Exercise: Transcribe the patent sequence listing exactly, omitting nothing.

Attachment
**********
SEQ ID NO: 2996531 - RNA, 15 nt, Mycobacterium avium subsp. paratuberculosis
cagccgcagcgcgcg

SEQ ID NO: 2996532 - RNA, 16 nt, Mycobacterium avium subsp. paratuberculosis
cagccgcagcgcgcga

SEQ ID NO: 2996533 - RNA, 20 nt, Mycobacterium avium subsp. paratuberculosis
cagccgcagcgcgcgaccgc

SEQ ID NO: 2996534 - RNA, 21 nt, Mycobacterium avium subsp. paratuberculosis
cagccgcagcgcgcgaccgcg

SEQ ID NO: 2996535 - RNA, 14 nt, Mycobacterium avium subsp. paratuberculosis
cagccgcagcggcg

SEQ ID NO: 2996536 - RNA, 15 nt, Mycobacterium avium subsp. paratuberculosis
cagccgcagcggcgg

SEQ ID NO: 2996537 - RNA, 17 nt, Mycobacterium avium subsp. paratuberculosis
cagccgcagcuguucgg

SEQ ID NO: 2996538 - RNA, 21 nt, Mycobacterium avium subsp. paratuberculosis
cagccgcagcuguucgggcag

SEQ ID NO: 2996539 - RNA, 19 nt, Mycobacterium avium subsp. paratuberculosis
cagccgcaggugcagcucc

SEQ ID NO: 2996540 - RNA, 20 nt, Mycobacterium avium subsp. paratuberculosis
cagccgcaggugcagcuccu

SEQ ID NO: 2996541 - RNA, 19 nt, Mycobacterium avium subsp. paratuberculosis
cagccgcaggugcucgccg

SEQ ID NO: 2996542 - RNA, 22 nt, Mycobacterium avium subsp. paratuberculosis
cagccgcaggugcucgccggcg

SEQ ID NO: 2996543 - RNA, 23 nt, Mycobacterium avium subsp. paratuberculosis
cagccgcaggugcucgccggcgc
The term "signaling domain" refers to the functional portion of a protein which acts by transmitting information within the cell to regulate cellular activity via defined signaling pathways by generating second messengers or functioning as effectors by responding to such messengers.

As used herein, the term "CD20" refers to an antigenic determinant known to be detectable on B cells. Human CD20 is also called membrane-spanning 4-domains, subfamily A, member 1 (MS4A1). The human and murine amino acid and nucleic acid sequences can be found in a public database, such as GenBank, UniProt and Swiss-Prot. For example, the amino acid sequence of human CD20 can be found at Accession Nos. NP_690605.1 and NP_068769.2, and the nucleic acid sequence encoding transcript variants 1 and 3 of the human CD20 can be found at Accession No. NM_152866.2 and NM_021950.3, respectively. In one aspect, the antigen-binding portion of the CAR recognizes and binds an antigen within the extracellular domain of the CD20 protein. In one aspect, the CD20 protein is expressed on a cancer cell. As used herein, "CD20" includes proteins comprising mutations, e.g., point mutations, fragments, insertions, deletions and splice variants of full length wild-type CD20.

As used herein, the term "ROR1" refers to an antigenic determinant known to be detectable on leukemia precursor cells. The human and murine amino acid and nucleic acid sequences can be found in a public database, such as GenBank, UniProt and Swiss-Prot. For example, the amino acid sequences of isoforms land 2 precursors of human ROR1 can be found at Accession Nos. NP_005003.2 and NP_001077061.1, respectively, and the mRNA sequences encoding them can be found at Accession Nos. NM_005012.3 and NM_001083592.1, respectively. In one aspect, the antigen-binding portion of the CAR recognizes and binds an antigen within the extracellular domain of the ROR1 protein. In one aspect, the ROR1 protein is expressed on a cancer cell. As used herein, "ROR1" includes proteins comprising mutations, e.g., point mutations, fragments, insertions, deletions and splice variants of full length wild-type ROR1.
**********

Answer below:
SEQ ID NO: 2996531 - RNA, 15 nt, Mycobacterium avium subsp. paratuberculosis
cagccgcagcgcgcg

SEQ ID NO: 2996532 - RNA, 16 nt, Mycobacterium avium subsp. paratuberculosis
cagccgcagcgcgcga

SEQ ID NO: 2996533 - RNA, 20 nt, Mycobacterium avium subsp. paratuberculosis
cagccgcagcgcgcgaccgc

SEQ ID NO: 2996534 - RNA, 21 nt, Mycobacterium avium subsp. paratuberculosis
cagccgcagcgcgcgaccgcg

SEQ ID NO: 2996535 - RNA, 14 nt, Mycobacterium avium subsp. paratuberculosis
cagccgcagcggcg

SEQ ID NO: 2996536 - RNA, 15 nt, Mycobacterium avium subsp. paratuberculosis
cagccgcagcggcgg

SEQ ID NO: 2996537 - RNA, 17 nt, Mycobacterium avium subsp. paratuberculosis
cagccgcagcuguucgg

SEQ ID NO: 2996538 - RNA, 21 nt, Mycobacterium avium subsp. paratuberculosis
cagccgcagcuguucgggcag

SEQ ID NO: 2996539 - RNA, 19 nt, Mycobacterium avium subsp. paratuberculosis
cagccgcaggugcagcucc

SEQ ID NO: 2996540 - RNA, 20 nt, Mycobacterium avium subsp. paratuberculosis
cagccgcaggugcagcuccu

SEQ ID NO: 2996541 - RNA, 19 nt, Mycobacterium avium subsp. paratuberculosis
cagccgcaggugcucgccg

SEQ ID NO: 2996542 - RNA, 22 nt, Mycobacterium avium subsp. paratuberculosis
cagccgcaggugcucgccggcg

SEQ ID NO: 2996543 - RNA, 23 nt, Mycobacterium avium subsp. paratuberculosis
cagccgcaggugcucgccggcgc
The term "signaling domain" refers to the functional portion of a protein which acts by transmitting information within the cell to regulate cellular activity via defined signaling pathways by generating second messengers or functioning as effectors by responding to such messengers.

As used herein, the term "CD20" refers to an antigenic determinant known to be detectable on B cells. Human CD20 is also called membrane-spanning 4-domains, subfamily A, member 1 (MS4A1). The human and murine amino acid and nucleic acid sequences can be found in a public database, such as GenBank, UniProt and Swiss-Prot. For example, the amino acid sequence of human CD20 can be found at Accession Nos. NP_690605.1 and NP_068769.2, and the nucleic acid sequence encoding transcript variants 1 and 3 of the human CD20 can be found at Accession No. NM_152866.2 and NM_021950.3, respectively. In one aspect, the antigen-binding portion of the CAR recognizes and binds an antigen within the extracellular domain of the CD20 protein. In one aspect, the CD20 protein is expressed on a cancer cell. As used herein, "CD20" includes proteins comprising mutations, e.g., point mutations, fragments, insertions, deletions and splice variants of full length wild-type CD20.

As used herein, the term "ROR1" refers to an antigenic determinant known to be detectable on leukemia precursor cells. The human and murine amino acid and nucleic acid sequences can be found in a public database, such as GenBank, UniProt and Swiss-Prot. For example, the amino acid sequences of isoforms land 2 precursors of human ROR1 can be found at Accession Nos. NP_005003.2 and NP_001077061.1, respectively, and the mRNA sequences encoding them can be found at Accession Nos. NM_005012.3 and NM_001083592.1, respectively. In one aspect, the antigen-binding portion of the CAR recognizes and binds an antigen within the extracellular domain of the ROR1 protein. In one aspect, the ROR1 protein is expressed on a cancer cell. As used herein, "ROR1" includes proteins comprising mutations, e.g., point mutations, fragments, insertions, deletions and splice variants of full length wild-type ROR1.